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5/26/2016

Pancuronium Injection

Reason for the Shortage

    • Teva discontinued their pancuronium presentations in May 2010.[1]
    • Hospira had pancuronium on shortage due to manufacturing delays and retesting of raw material. Hospira is the only manufacturer of pancuronium.[2]

Available Products

    • Pancuronium injection, Pfizer, 1 mg/mL, 10 mL vial, 25 count, NDC 00409-4646-01

Estimated Resupply Dates

    • Hospira has a consistent supply of pancuronium injection available.[2]

Implications for Patient Care

    • Pancuronium is a non-depolarizing neuromuscular blocking agent (NMBA) used to facilitate intubation and relax skeletal muscles as an adjunct to general anesthesia during surgery or mechanical ventilation.[3]

Alternative Agents & Management

    • Alternative NMBAs vary in onset time and duration of action, particularly based on dose; see the table below. Times to re-dose also differ based on agent and dose. Doxacurium, mivacurium, and tubocurarine have been discontinued.[3,4,5,6]
    • Non-depolarizing neuromuscular blocking agents may be reversed with neostigmine or edrophonium. Depolarizing NMBAs (ie, succinylcholine) are not reversed by these agents and their toxicity may be worsened by concomitant administration.[3,4,5,6]
    • Some presentations of alternative agents including atracurium, rocuronium and vecuronium are in short supply.[7]
    Table 1. Characteristics of NMBAs3,4,5,6
    NMBATYPE OF NMBAONSET OF ACTION (MIN)CLINICAL DURATION AFTER INITIAL DOSE (MIN)
    a Clinical duration of effects may increase or decrease with continued administration of succinylcholine; monitor patients carefully.4,5,6
    AtracuriumNondepolarizing2 to 320 to 35
    CisatracuriumNondepolarizing1.5 to 220 to 35
    PancuroniumNondepolarizing2 to 360 to 100
    RocuroniumNondepolarizing1 to 222 to 67 (depending on initial bolus dose)
    SuccinylcholineDepolarizing0.5 to 14 to 6 a
    VecuroniumNondepolarizing2.5 to 320 to 40

References

    1. Teva. Urgent Market Withdrawal Notice. May 4, 2010.
    2. Hospira, Customer Service (personal communications and website) October 20, December 27, 2011; February 17, March 22, May 7 and 25, June 29, July 25, September 12, October 24, 2012; January 21, March 18, April 9, June 18, August 19, September 23, October 25, December 11, 2013; January 17, April 11, May 9, June 23, July 25, August 21, September 29, October 23, November 25, 2014; March 23, June 11, September 11, and October 13, 2015.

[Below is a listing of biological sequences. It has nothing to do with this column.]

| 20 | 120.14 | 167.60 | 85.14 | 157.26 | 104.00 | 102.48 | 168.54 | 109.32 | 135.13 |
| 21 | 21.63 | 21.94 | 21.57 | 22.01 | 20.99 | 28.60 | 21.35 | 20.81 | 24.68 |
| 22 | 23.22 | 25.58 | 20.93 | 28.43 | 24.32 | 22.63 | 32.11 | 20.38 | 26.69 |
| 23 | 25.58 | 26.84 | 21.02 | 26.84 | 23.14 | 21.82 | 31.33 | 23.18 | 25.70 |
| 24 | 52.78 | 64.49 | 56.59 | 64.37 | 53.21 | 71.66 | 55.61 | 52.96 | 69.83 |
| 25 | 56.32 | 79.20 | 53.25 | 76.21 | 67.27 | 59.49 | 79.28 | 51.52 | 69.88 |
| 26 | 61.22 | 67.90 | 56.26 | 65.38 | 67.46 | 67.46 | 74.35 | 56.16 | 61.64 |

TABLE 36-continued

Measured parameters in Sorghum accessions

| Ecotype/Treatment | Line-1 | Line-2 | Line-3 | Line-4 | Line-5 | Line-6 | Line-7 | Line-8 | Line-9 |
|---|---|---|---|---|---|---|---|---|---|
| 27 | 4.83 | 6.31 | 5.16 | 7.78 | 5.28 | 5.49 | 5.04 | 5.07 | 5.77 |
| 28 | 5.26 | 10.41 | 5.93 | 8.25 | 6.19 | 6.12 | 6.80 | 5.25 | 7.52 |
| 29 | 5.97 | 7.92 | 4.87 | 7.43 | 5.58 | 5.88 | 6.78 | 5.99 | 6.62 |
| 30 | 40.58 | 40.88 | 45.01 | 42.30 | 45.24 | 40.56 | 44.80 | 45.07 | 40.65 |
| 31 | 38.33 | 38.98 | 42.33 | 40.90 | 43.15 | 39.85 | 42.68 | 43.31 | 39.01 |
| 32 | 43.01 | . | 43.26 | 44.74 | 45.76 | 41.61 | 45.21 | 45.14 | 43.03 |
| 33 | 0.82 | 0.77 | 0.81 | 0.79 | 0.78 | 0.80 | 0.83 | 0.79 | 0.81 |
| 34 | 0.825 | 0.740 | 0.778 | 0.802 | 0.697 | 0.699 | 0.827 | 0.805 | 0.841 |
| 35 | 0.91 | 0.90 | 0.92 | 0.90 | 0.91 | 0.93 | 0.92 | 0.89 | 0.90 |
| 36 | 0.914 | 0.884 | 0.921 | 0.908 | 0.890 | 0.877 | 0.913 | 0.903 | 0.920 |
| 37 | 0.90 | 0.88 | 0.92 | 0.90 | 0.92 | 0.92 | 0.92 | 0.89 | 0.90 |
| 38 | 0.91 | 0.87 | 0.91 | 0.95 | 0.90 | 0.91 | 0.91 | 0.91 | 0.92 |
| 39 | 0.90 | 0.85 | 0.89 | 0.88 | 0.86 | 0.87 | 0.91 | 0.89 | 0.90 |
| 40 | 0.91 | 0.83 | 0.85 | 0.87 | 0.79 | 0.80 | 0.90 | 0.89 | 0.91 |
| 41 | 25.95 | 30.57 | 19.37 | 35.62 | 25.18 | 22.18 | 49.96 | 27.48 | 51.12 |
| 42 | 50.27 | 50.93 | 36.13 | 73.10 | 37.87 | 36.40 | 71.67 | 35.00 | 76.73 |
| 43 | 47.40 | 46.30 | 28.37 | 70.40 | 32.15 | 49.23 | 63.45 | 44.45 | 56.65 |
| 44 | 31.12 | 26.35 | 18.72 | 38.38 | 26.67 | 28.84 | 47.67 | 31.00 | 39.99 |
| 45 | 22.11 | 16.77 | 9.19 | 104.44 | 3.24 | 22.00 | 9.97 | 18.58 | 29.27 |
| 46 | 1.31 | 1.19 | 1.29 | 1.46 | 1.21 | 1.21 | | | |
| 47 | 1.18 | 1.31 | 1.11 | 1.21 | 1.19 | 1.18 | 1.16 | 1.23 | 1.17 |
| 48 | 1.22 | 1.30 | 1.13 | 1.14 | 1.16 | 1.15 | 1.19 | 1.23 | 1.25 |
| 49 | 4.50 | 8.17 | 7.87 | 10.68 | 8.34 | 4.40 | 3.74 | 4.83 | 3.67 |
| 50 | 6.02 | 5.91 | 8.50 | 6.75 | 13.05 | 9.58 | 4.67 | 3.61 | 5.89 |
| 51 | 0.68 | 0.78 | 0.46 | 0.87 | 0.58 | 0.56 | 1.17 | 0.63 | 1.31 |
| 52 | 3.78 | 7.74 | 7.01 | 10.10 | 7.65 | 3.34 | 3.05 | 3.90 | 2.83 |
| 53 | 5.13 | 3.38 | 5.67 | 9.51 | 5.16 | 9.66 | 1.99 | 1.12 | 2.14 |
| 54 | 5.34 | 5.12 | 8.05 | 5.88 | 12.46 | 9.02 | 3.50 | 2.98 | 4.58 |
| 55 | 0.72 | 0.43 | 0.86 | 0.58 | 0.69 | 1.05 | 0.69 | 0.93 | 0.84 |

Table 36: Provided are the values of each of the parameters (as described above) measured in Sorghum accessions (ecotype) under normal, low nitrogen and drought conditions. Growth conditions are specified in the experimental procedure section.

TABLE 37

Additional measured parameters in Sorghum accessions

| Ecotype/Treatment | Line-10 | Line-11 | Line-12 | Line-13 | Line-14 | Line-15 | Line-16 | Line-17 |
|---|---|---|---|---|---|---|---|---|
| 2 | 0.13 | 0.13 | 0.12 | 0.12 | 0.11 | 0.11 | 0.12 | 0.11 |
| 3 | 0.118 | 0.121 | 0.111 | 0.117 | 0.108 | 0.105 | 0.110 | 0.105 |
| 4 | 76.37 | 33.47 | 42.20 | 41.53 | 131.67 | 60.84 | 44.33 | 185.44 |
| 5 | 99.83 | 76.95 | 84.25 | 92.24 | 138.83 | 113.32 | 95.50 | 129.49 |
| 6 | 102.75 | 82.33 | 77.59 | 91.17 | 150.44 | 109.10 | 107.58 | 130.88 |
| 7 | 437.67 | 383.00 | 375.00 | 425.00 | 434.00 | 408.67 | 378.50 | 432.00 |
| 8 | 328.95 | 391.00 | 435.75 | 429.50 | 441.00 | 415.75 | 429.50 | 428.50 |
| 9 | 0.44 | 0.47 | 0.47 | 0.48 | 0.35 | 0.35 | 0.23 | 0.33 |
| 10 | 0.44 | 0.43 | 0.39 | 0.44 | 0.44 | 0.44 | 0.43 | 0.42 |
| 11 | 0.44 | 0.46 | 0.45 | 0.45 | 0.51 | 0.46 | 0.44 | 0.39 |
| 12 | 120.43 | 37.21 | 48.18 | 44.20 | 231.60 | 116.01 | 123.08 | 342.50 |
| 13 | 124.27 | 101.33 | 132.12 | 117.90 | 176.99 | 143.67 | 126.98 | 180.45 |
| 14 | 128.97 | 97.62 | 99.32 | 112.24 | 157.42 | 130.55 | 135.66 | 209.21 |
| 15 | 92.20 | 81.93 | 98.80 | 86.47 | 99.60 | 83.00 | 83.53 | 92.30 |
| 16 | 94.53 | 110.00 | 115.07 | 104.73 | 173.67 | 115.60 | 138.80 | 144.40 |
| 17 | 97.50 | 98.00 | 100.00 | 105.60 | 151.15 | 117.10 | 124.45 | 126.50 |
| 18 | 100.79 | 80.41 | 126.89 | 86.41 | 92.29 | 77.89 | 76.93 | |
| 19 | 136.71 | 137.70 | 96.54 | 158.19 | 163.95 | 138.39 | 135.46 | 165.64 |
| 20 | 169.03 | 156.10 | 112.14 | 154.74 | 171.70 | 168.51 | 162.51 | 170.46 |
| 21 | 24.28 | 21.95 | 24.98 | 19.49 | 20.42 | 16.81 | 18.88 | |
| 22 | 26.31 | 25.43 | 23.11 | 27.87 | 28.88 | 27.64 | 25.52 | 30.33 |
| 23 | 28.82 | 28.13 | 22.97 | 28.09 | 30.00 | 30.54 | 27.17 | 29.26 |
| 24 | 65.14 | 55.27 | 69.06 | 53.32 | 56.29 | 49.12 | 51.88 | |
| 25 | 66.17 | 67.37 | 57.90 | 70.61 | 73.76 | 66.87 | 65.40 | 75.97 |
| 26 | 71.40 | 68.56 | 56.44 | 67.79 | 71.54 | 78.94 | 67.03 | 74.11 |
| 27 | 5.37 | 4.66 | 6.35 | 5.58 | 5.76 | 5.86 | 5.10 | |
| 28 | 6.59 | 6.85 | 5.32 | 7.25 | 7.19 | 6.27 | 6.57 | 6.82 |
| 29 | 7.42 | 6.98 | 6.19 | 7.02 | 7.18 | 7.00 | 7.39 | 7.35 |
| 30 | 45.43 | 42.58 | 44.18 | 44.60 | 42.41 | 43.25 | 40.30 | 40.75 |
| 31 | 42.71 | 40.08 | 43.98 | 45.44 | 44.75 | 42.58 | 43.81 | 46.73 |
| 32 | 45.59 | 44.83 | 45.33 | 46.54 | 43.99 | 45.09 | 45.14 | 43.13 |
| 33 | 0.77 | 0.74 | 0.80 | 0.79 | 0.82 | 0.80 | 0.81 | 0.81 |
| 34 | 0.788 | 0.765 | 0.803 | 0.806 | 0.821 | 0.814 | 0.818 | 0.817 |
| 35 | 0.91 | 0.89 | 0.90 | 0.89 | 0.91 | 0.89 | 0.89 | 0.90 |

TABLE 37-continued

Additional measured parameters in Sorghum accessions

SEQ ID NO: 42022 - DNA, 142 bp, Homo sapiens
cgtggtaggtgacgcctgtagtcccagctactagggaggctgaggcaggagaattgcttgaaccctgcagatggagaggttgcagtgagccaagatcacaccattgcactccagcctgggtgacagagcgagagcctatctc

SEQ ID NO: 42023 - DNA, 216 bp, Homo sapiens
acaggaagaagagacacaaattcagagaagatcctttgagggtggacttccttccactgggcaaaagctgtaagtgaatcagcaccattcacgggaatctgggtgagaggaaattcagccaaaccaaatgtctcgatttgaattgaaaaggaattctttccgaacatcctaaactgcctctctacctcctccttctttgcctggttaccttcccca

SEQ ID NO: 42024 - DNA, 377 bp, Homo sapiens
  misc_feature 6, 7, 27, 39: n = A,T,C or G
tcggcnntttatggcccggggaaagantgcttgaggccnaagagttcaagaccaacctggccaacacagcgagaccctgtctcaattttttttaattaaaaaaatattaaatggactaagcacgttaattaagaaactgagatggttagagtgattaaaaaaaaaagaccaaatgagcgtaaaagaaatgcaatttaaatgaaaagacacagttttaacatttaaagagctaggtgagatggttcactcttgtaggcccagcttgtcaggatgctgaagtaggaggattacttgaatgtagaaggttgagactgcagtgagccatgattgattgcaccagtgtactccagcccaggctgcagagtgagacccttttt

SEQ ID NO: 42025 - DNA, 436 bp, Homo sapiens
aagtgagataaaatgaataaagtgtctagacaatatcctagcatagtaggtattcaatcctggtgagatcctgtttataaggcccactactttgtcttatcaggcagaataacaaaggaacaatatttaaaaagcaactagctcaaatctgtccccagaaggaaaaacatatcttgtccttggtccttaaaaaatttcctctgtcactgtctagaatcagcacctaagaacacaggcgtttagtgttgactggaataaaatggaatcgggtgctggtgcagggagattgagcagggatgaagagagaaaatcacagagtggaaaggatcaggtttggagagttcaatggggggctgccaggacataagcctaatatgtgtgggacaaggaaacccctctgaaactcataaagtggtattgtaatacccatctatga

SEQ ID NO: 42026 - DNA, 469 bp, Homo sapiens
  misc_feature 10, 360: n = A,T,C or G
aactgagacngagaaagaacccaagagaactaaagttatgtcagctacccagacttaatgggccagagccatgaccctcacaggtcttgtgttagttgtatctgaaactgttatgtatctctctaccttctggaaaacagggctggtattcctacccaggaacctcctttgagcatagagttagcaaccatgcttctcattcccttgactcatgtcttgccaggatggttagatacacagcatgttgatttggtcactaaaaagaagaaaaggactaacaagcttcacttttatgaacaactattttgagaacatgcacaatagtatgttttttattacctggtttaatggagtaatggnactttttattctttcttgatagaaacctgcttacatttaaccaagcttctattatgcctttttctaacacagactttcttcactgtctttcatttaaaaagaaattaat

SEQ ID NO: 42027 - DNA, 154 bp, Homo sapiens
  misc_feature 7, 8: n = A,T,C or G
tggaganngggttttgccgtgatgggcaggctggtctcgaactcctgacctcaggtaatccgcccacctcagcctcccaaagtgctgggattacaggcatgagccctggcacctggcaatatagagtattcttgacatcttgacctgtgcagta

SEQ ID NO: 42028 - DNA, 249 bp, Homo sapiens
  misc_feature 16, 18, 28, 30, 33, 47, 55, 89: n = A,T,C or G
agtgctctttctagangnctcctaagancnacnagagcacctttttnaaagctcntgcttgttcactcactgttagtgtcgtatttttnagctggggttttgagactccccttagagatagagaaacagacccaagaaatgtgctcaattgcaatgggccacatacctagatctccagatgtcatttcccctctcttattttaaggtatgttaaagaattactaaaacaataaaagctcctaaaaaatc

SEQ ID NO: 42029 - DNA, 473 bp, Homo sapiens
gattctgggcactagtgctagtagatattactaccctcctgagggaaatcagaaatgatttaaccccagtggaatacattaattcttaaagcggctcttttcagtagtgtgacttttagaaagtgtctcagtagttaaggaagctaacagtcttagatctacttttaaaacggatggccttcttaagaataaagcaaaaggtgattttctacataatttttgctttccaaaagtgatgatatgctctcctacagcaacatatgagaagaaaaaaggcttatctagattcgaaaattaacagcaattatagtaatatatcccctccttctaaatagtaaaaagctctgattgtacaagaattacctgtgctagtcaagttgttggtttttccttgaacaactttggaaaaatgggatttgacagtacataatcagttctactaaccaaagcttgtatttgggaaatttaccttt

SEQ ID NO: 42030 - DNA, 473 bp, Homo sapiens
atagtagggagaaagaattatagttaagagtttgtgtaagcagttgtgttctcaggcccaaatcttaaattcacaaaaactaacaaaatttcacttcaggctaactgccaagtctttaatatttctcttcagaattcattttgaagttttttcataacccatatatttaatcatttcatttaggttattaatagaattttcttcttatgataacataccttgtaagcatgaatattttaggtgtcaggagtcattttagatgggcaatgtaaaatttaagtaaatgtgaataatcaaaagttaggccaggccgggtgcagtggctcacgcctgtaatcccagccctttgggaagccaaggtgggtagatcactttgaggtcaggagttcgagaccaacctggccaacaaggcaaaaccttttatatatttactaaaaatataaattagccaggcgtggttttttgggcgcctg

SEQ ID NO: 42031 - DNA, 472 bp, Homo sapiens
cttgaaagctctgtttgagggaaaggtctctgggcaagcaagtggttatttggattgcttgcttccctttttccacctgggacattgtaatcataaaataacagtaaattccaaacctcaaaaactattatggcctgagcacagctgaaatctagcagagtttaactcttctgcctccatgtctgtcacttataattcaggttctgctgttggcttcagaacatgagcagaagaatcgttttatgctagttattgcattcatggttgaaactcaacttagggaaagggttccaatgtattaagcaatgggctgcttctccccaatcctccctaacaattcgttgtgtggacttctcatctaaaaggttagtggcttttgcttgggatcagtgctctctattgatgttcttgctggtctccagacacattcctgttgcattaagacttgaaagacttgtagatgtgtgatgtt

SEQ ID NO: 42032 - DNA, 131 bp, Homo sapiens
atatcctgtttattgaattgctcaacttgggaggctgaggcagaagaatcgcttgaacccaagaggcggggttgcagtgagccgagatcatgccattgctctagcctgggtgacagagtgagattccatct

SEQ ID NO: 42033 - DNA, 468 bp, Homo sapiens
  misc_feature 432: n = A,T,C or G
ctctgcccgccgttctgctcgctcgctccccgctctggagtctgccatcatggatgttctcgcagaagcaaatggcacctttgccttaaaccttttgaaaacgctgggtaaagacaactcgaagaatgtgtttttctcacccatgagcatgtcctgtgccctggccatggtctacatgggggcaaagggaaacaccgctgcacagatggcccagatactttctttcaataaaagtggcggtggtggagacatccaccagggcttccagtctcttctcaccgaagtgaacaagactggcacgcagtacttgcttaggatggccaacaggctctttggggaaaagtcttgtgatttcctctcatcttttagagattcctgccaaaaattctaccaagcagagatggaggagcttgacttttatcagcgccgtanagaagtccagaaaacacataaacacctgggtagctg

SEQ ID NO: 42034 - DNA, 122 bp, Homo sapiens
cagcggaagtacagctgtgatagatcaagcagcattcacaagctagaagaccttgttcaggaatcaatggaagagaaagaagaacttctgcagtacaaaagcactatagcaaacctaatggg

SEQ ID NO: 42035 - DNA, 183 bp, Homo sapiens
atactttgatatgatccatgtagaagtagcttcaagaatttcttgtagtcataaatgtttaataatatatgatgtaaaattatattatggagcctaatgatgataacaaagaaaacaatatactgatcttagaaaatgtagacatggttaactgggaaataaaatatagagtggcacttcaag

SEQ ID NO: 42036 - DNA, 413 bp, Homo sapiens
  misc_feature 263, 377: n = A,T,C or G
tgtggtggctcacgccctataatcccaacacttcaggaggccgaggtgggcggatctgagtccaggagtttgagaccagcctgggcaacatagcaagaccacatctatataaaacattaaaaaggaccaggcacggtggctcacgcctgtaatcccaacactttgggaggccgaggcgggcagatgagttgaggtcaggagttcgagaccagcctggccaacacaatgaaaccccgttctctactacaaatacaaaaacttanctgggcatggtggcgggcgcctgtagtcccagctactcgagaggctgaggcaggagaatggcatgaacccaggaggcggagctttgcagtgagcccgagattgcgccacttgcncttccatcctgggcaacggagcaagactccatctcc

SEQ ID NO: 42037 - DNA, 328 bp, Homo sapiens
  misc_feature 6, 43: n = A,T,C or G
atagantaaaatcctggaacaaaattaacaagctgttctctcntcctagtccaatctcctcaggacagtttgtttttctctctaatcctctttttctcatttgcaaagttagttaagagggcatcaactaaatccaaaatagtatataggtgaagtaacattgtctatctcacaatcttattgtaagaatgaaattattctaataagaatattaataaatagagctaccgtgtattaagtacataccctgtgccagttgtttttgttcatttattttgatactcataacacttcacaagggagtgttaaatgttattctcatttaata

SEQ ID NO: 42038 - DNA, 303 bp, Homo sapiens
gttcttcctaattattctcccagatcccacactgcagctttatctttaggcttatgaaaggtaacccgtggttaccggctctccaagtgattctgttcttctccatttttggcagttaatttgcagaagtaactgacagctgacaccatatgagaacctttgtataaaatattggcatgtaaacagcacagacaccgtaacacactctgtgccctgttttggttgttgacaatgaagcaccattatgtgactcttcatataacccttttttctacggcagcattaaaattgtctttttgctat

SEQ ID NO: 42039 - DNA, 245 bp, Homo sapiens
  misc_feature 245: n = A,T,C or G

3. Hospira. Pancuronium Injection product label. Lake Forest, IL; Hospira; September, 2010.
    4. Baughman VL, Golembiewski J, Gonzales JP, Alvarez, W, eds. Anesthesiology and Critical Care Drug Handbook. 9th ed. Hudson, OH: Lexi-Comp; 2010.
    5. Muscle Relaxants - Adjuncts to Anesthesia. In: Wickersham, R. M., Novak K. K., et al., Eds. (2011). Drug Facts and Comparisons (eFacts). St. Louis, MO, Wolters Kluwer Health, Inc.
    6. Neuromuscular Blocking Agents. In: McEvoy GK, Snow EK, Miller J, eds. AHFS 2011 Drug Information. Bethesda, MD: American Society of Health-System Pharmacists; 2011:1422-1441.
    7. American Society of Health-System Pharmacists. Drug Shortage Resource Center. Accessed on December 14, 2011.

Updated

Updated May 26, 2016 by Leslie Jensen, PharmD, Drug Information Specialist. Created June 11, 2015 by Jane Chandramouli, PharmD, Drug Information Specialist. Copyright 2017, Drug Information Service, University of Utah, Salt Lake City, UT.

Disclaimer

This information is provided through the support of Vizient to ASHP solely as a service to its members, which shall not use this information for their further commercial use. The content was prepared by the Drug Information Center of University of Utah. Vizient, ASHP, and the University of Utah make no representations or warranties, express or implied, including, but not limited to, any implied warranty of merchantability and/or fitness for a particular purpose, which respect to such information, and specifically disclaim all such warranties. Users of this information are advised that decisions regarding the use of drugs and drug therapies are complex medical decisions and that in using this information, each user must exercise his or her own independent professional judgment. Neither Vizient, ASHP nor the University of Utah assumes any liability for persons administering or receiving drugs or other medical care in reliance upon this information, or otherwise in connection with this bulletin. Neither Vizient, ASHP nor University of Utah endorses or recommends the use of any drug.

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